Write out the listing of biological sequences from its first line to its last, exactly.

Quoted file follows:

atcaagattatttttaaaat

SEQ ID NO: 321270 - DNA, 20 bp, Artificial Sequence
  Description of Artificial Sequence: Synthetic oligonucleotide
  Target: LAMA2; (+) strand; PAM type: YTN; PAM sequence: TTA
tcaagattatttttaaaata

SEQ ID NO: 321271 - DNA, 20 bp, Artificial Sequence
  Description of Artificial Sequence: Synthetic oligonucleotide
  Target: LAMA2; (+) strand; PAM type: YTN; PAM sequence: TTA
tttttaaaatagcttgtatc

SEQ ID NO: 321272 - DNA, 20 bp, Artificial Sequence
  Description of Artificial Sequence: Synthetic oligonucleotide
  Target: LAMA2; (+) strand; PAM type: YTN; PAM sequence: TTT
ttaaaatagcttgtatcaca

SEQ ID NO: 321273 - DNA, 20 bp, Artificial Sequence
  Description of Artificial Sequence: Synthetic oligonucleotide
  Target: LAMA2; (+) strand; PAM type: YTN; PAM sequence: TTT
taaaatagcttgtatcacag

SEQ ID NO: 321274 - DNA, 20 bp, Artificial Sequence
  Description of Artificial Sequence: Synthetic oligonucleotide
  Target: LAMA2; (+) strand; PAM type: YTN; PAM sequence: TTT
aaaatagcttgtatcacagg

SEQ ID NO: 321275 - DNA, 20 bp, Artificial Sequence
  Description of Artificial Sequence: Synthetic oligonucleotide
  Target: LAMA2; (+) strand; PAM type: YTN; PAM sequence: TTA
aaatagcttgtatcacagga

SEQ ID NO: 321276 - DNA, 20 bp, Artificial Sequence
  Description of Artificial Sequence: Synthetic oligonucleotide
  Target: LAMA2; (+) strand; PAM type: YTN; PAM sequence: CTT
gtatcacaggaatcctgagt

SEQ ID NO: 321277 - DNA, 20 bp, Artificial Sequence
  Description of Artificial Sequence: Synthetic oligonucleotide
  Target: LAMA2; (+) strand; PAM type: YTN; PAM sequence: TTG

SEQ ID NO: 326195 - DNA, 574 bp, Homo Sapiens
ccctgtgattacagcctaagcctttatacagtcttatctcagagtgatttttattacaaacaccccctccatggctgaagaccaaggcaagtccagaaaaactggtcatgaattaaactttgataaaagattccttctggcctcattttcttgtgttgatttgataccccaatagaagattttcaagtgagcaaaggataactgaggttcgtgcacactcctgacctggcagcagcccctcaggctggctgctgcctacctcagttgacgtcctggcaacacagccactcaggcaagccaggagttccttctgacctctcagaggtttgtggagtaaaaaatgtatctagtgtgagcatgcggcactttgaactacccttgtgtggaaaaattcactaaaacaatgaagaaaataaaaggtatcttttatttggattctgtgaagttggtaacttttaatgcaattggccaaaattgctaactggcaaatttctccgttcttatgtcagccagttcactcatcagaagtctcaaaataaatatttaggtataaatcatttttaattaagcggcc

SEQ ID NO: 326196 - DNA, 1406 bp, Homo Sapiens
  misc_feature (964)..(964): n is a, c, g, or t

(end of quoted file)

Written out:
atcaagattatttttaaaat

SEQ ID NO: 321270 - DNA, 20 bp, Artificial Sequence
  Description of Artificial Sequence: Synthetic oligonucleotide
  Target: LAMA2; (+) strand; PAM type: YTN; PAM sequence: TTA
tcaagattatttttaaaata

SEQ ID NO: 321271 - DNA, 20 bp, Artificial Sequence
  Description of Artificial Sequence: Synthetic oligonucleotide
  Target: LAMA2; (+) strand; PAM type: YTN; PAM sequence: TTA
tttttaaaatagcttgtatc

SEQ ID NO: 321272 - DNA, 20 bp, Artificial Sequence
  Description of Artificial Sequence: Synthetic oligonucleotide
  Target: LAMA2; (+) strand; PAM type: YTN; PAM sequence: TTT
ttaaaatagcttgtatcaca

SEQ ID NO: 321273 - DNA, 20 bp, Artificial Sequence
  Description of Artificial Sequence: Synthetic oligonucleotide
  Target: LAMA2; (+) strand; PAM type: YTN; PAM sequence: TTT
taaaatagcttgtatcacag

SEQ ID NO: 321274 - DNA, 20 bp, Artificial Sequence
  Description of Artificial Sequence: Synthetic oligonucleotide
  Target: LAMA2; (+) strand; PAM type: YTN; PAM sequence: TTT
aaaatagcttgtatcacagg

SEQ ID NO: 321275 - DNA, 20 bp, Artificial Sequence
  Description of Artificial Sequence: Synthetic oligonucleotide
  Target: LAMA2; (+) strand; PAM type: YTN; PAM sequence: TTA
aaatagcttgtatcacagga

SEQ ID NO: 321276 - DNA, 20 bp, Artificial Sequence
  Description of Artificial Sequence: Synthetic oligonucleotide
  Target: LAMA2; (+) strand; PAM type: YTN; PAM sequence: CTT
gtatcacaggaatcctgagt

SEQ ID NO: 321277 - DNA, 20 bp, Artificial Sequence
  Description of Artificial Sequence: Synthetic oligonucleotide
  Target: LAMA2; (+) strand; PAM type: YTN; PAM sequence: TTG

SEQ ID NO: 326195 - DNA, 574 bp, Homo Sapiens
ccctgtgattacagcctaagcctttatacagtcttatctcagagtgatttttattacaaacaccccctccatggctgaagaccaaggcaagtccagaaaaactggtcatgaattaaactttgataaaagattccttctggcctcattttcttgtgttgatttgataccccaatagaagattttcaagtgagcaaaggataactgaggttcgtgcacactcctgacctggcagcagcccctcaggctggctgctgcctacctcagttgacgtcctggcaacacagccactcaggcaagccaggagttccttctgacctctcagaggtttgtggagtaaaaaatgtatctagtgtgagcatgcggcactttgaactacccttgtgtggaaaaattcactaaaacaatgaagaaaataaaaggtatcttttatttggattctgtgaagttggtaacttttaatgcaattggccaaaattgctaactggcaaatttctccgttcttatgtcagccagttcactcatcagaagtctcaaaataaatatttaggtataaatcatttttaattaagcggcc

SEQ ID NO: 326196 - DNA, 1406 bp, Homo Sapiens
  misc_feature (964)..(964): n is a, c, g, or t